Jonah …. Aaahhhh Jonah. I am not certain I like the fact that I can so easily and quickly relate to this man.
Jonah was given direction by God– he was told to go to Nineveh and “preach against it”. Nineveh was a very large and important city in that day. It would soon become the head of the great Assyrian empire. It was also a city of great sin.
In the book of Jonah, we are not given very much information about the town or the people of this place. Because I love the history of the Bible, I’m almost tempted to seek out what was going on in Nineveh during this time. However, when God was speaking to me about Jonah, it wasn’t the “other people or the other place” He was talking to me about. It was all about me. And this book in the Bible is about Jonah.
We are not told specifically in God’s Word what it was that offended Jonah so much about his assignment. Was it the people he disliked? They were not “his people”. The Assyrians were a very fierce and wicked people at this time in history. They were about to become a world power and the prophet Nahum does tell us they conquered viciously and took over lands everywhere they went.
Maybe I can understand … am I supposed to admit this? Maybe they looked different on the outside… Heaven forbid they had a different skin color. Perhaps they had a different “culture” and just weren’t raised the same as Jonah was. We don’t know why Jonah had such a distaste for these Assyrians. Maybe it went back generations and he was just raised to dislike them…
The book of Jonah in the bible begins with God giving Jonah this order, and before anything else is said, we see Jonah running. …from God. Oh yes, the familiar sound of shoe rubber meeting the road! How I have grown to hate this sound. Jonah heads down to Joppa to board a ship for Tarshish.
I wonder if he felt a sense of relief, thinking he had narrowly escaped that one. I lean more in the direction that Jonah felt great guilt. I imagine that he had a hundred reasons why he was right. I wonder if he spent time second-guessing, “Did God really tell me that? Would He really send me to a people so full of sin? Surely not… They don’t even want anything to do with the Lord. Look at all the horrible things they’ve done!” It is here where I also think Jonah knew the absolute power of God… that if he was obedient and told these people what God directed him to, God would forgive and restore them.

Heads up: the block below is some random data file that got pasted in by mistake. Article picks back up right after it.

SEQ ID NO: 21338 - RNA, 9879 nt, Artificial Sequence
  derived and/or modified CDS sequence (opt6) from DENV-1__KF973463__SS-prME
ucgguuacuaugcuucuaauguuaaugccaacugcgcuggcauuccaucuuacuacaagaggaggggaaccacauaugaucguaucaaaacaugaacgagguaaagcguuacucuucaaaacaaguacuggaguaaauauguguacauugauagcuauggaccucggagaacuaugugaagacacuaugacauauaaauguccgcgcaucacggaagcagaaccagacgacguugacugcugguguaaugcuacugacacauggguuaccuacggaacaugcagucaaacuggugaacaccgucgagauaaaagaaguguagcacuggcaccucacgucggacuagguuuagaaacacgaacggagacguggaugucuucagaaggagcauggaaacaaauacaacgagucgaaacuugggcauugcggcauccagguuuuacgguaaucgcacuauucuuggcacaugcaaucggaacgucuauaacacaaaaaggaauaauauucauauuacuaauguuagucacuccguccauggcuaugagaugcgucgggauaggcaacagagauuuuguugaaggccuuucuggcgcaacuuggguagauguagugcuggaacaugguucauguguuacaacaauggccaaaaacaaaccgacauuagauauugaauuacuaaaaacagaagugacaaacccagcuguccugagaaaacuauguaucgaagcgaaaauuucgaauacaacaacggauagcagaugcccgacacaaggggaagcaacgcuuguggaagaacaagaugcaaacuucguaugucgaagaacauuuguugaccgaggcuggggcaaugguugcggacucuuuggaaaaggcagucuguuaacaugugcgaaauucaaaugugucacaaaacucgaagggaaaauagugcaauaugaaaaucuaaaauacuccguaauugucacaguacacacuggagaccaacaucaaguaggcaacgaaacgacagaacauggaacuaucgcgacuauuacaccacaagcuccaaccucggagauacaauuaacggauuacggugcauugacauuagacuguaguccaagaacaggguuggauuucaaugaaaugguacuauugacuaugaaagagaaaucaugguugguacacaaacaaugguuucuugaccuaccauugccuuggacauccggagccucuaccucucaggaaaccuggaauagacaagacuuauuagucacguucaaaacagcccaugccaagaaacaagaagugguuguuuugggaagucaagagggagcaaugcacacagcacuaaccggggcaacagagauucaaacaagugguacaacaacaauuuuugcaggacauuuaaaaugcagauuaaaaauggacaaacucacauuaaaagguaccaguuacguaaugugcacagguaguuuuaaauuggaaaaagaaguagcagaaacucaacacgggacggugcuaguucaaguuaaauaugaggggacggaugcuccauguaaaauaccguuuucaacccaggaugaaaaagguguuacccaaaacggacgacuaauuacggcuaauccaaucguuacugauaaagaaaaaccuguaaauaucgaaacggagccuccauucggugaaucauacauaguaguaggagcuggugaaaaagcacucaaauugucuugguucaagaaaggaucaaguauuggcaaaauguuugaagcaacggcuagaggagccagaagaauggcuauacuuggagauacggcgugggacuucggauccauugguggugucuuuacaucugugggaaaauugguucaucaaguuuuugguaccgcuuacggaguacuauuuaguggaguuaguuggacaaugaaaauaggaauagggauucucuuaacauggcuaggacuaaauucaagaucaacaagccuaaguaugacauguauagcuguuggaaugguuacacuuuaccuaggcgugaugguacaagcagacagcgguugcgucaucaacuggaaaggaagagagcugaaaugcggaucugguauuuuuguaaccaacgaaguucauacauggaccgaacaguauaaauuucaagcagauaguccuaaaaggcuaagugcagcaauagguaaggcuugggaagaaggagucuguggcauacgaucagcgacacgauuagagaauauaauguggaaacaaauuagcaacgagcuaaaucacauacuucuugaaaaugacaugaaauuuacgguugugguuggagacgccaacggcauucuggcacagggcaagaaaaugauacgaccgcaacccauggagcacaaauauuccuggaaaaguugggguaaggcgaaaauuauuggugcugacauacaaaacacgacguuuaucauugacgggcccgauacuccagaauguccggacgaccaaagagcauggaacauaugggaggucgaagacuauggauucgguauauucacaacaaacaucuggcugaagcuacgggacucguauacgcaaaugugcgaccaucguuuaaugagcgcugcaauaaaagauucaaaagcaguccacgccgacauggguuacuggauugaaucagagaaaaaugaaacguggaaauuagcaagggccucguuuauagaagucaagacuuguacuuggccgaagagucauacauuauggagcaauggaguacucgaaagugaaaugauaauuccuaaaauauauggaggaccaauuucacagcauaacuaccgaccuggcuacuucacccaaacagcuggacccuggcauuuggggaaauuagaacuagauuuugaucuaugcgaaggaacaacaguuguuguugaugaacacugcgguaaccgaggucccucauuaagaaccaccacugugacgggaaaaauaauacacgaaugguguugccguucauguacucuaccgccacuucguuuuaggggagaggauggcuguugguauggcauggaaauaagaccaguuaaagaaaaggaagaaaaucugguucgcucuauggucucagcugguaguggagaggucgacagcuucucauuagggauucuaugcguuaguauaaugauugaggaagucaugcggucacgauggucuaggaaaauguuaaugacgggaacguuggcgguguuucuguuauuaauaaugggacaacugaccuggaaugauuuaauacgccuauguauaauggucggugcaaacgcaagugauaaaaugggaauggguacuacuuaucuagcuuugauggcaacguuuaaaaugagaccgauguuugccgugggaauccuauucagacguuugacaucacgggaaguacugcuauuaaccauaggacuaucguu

Running this hard and this fast causes great exertion on the body and the soul. It’s a heavy load to carry– disobedience. It weighs on your mind every minute. It destroys your concentration. Before you know it, everything around you begins to crumble. Your mind is tired from the constant conversation in your head and your body is tired from the unnecessary running down every path except the one you should be traveling. I think Jonah might’ve felt this way; for once he boarded the ship, the Bible tells us he went below deck and fell into a deep sleep.
However, a lot was going on all around Jonah and he wasn’t even aware. The Bible tells us directly that the LORD “sent a great wind on the sea, and such a violent storm arose that the ship threatened to break up”.
Disobedience = disaster.
The toughest realization for me in this story is here: many others were put in grave danger because of one man’s decision to disobey God’s direction! THAT causes me to pause and think. And pray. And repent. And praise God for His loving-kindness and grace and mercy. …and love my Savior, Jesus Christ, even more.
We are perhaps familiar with the next part of the story – Jonah is thrown overboard. The men didn’t want to do this; it was Jonah’s idea. They tried to get back to shore. But the reality is this: the storm was all about Jonah’s disobedience. They were innocent bystanders and it wasn’t up to them to save him from his poor choices. As soon as Jonah was thrown overboard, “the raging sea grew calm”.
Oh Lord, how many people have gotten caught up in a raging sea because of my disobedience? Throw me overboard… Lighten their load. This isn’t about them. Calm their raging seas.
I wonder how many people have been caught in a storm due to our disobedience. I wonder how many times we’ve been caught in a storm because of someone else’s disobedience to God. So often when I am struggling with something God has asked me to do, I view it as a problem of mine. I haven’t, until recently, considered that others may be affected by my choices in this realm. I’m sure Jonah didn’t imagine that his choices would lead to endangering the lives of all who were on that ship the day he decided he would not go to Nineveh.
Jonah quickly finds himself in the belly of a great fish. It is there he reflects on the goodness of God and is thankful. How deep must we sink? How many storms must go on around us, affecting our life and the lives of those around us before we slow down to see exactly what we are doing?
Jonah’s story has an unexpected end for me. Yes, he was finally obedient. Once the fish vomited him up onto dry land, he went to Nineveh and did as the Lord asked. As the people heard God’s message spoken through the prophet, they repented. God was compassionate and did not bring upon the Assyrians the destruction He had planned. It is what happened next that I did not expect: Jonah became angry at the Lord’s compassion.
He had so much hatred in his heart that he couldn’t see the goodness of God. Is this where disobedience leads us… leaves us? …or maybe this hatred is the beginning that leads to disobedience? What is it that causes us to not listen when God tells us directly to do something?